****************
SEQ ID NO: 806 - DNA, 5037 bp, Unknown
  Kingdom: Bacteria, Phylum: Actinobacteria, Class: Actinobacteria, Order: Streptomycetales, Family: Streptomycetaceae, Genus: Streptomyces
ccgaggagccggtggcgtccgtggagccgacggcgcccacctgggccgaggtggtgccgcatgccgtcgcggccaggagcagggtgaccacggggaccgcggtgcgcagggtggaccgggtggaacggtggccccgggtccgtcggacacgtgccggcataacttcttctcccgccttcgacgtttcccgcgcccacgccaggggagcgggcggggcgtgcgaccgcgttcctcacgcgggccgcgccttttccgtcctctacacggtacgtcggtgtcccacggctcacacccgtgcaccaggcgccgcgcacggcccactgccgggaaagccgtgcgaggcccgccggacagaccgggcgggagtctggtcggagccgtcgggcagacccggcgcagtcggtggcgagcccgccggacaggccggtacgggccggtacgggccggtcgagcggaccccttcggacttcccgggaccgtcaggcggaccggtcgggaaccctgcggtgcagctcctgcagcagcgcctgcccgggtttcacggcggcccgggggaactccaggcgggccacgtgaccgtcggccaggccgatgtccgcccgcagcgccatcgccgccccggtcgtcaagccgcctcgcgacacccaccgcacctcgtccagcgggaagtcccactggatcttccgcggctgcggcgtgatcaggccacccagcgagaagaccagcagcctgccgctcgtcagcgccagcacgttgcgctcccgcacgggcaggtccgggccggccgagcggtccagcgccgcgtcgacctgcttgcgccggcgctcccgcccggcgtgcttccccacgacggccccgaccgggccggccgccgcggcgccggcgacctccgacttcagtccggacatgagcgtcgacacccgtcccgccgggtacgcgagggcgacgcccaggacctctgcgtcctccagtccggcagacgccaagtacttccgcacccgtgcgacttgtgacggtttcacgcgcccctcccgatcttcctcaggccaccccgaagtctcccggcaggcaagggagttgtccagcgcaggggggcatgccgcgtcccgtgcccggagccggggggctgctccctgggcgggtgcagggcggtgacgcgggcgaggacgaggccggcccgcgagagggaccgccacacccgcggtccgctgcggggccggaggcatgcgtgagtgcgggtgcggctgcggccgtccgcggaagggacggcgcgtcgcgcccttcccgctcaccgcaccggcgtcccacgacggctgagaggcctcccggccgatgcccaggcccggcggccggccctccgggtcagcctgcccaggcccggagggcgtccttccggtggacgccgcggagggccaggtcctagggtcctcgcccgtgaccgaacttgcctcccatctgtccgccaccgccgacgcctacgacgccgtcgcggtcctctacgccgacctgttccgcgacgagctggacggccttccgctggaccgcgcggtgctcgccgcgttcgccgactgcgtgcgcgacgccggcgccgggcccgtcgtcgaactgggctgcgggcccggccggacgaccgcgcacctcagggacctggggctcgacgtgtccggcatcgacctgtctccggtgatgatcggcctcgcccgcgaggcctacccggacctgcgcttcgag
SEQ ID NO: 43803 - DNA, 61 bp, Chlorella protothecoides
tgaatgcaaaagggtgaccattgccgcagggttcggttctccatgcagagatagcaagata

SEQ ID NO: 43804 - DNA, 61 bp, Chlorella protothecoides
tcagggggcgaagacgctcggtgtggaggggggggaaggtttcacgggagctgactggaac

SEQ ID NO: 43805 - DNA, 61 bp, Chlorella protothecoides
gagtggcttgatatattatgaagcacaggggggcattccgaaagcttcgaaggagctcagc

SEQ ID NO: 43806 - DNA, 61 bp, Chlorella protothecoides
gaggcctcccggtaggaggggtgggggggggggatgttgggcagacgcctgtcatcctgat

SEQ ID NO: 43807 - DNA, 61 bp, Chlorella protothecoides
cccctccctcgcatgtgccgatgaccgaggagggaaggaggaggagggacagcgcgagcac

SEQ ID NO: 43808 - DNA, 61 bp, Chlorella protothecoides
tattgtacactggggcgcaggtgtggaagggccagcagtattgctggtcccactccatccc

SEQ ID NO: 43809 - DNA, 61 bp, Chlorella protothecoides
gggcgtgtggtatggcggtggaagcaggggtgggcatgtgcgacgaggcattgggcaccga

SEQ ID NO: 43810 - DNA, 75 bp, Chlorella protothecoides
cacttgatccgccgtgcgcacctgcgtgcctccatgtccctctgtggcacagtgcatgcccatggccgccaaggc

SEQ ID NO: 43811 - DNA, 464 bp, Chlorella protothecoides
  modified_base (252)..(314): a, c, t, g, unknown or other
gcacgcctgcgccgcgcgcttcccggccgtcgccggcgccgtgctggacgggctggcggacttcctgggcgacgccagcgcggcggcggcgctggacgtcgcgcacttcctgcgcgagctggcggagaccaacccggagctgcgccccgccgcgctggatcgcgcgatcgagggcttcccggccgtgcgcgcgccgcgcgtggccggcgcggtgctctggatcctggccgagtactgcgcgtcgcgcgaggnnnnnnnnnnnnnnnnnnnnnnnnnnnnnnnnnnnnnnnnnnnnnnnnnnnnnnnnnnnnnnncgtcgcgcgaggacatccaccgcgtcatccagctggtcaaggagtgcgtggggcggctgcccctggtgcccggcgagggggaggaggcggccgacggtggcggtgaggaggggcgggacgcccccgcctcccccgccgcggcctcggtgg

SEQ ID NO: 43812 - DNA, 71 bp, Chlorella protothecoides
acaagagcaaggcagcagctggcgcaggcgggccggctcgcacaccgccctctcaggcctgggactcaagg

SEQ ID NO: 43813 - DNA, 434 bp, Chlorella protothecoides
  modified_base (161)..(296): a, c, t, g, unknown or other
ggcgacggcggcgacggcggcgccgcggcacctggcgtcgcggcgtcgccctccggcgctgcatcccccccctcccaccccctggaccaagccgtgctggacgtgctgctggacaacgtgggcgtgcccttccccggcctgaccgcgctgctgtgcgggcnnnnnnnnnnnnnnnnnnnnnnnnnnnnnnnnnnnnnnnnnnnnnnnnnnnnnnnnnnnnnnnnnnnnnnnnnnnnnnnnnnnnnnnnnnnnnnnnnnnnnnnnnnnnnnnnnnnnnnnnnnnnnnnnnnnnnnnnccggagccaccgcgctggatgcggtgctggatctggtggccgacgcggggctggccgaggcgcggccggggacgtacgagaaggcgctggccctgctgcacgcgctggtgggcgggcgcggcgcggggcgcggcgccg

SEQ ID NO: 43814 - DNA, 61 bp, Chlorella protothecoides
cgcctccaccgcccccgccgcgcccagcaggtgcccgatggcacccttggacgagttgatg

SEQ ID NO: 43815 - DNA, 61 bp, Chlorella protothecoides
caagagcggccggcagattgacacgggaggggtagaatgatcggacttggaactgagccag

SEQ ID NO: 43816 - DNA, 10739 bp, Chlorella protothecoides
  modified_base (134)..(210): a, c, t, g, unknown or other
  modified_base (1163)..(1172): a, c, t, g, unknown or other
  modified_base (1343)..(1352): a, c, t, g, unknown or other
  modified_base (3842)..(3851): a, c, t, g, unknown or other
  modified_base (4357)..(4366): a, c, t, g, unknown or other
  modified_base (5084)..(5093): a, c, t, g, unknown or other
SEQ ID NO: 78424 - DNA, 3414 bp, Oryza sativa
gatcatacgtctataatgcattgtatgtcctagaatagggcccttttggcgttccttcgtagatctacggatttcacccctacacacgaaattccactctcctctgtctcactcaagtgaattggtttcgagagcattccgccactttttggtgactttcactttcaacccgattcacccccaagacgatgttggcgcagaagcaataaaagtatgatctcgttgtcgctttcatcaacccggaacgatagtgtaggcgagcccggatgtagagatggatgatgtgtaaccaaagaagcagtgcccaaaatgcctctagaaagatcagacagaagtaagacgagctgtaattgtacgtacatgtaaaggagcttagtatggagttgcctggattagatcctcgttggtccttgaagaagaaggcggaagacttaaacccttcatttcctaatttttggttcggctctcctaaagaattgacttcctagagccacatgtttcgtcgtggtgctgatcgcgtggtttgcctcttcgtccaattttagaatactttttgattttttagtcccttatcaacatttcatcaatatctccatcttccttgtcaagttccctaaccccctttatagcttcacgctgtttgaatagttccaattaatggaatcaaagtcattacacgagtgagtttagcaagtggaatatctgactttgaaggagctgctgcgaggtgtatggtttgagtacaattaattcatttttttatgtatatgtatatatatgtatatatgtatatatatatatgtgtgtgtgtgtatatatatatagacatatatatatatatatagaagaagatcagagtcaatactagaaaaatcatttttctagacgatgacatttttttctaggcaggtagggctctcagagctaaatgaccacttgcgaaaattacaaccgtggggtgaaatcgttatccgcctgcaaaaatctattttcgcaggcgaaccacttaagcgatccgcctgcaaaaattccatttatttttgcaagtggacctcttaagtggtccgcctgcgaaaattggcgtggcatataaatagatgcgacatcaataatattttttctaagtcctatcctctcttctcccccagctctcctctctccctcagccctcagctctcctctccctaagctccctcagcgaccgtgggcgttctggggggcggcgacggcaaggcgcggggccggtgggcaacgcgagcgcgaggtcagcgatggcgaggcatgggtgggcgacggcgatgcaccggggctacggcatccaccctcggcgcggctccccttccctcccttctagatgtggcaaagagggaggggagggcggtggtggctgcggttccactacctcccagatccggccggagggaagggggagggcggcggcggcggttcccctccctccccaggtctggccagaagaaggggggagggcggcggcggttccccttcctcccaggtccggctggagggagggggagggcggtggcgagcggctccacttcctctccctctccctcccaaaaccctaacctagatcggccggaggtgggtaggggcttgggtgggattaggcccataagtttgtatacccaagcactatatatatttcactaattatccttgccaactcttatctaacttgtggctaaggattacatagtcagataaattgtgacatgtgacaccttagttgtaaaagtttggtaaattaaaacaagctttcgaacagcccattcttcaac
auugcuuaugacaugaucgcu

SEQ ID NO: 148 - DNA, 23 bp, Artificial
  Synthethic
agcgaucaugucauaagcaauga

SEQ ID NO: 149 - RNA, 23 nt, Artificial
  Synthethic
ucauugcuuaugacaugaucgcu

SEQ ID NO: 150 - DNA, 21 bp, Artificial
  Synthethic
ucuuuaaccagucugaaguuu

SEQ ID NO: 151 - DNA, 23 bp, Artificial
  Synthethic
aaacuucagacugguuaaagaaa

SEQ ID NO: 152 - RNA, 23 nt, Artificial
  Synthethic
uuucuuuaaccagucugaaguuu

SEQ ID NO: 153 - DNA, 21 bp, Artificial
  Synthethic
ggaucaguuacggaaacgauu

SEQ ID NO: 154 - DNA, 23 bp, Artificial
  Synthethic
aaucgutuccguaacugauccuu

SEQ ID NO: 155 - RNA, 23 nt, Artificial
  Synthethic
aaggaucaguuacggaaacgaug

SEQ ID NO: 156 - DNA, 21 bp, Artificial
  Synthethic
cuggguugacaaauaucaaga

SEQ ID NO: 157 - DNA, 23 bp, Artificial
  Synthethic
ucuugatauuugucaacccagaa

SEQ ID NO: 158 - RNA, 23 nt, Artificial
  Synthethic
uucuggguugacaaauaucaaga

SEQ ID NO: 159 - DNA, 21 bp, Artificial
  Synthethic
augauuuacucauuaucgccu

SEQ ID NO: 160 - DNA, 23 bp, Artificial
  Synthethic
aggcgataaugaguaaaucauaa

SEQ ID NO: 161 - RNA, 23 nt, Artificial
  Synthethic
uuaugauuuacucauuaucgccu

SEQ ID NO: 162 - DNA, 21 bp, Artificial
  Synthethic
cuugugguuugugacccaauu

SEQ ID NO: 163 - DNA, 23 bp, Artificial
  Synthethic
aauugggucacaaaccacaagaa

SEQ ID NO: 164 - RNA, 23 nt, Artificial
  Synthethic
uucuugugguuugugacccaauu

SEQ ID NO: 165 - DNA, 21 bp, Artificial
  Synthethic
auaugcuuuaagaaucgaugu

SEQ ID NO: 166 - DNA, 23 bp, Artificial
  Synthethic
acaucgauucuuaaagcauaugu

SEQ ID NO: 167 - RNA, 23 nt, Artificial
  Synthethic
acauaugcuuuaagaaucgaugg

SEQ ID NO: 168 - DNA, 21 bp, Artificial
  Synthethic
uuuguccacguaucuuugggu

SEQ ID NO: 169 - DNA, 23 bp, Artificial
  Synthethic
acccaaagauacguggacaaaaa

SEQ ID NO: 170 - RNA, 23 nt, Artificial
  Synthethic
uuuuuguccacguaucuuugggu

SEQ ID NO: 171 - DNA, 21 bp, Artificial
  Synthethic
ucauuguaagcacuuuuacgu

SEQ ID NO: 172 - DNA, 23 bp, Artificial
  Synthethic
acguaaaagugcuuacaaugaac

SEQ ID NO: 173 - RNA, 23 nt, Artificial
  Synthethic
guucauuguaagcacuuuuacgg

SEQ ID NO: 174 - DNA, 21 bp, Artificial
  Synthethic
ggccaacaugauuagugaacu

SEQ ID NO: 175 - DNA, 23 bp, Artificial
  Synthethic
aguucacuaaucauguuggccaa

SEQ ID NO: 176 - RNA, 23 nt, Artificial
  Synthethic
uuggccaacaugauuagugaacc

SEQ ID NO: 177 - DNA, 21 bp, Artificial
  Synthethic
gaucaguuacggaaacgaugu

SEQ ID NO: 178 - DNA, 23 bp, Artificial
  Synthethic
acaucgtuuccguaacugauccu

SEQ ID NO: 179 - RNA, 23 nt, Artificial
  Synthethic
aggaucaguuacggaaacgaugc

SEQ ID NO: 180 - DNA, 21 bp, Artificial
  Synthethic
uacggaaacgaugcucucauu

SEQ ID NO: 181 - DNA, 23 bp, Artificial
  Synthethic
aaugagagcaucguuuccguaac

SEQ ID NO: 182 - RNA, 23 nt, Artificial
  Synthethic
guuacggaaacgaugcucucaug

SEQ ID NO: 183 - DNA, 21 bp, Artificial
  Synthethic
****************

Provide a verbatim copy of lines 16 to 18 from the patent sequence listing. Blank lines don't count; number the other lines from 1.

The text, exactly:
SEQ ID NO: 43809 - DNA, 61 bp, Chlorella protothecoides
gggcgtgtggtatggcggtggaagcaggggtgggcatgtgcgacgaggcattgggcaccga

SEQ ID NO: 43810 - DNA, 75 bp, Chlorella protothecoides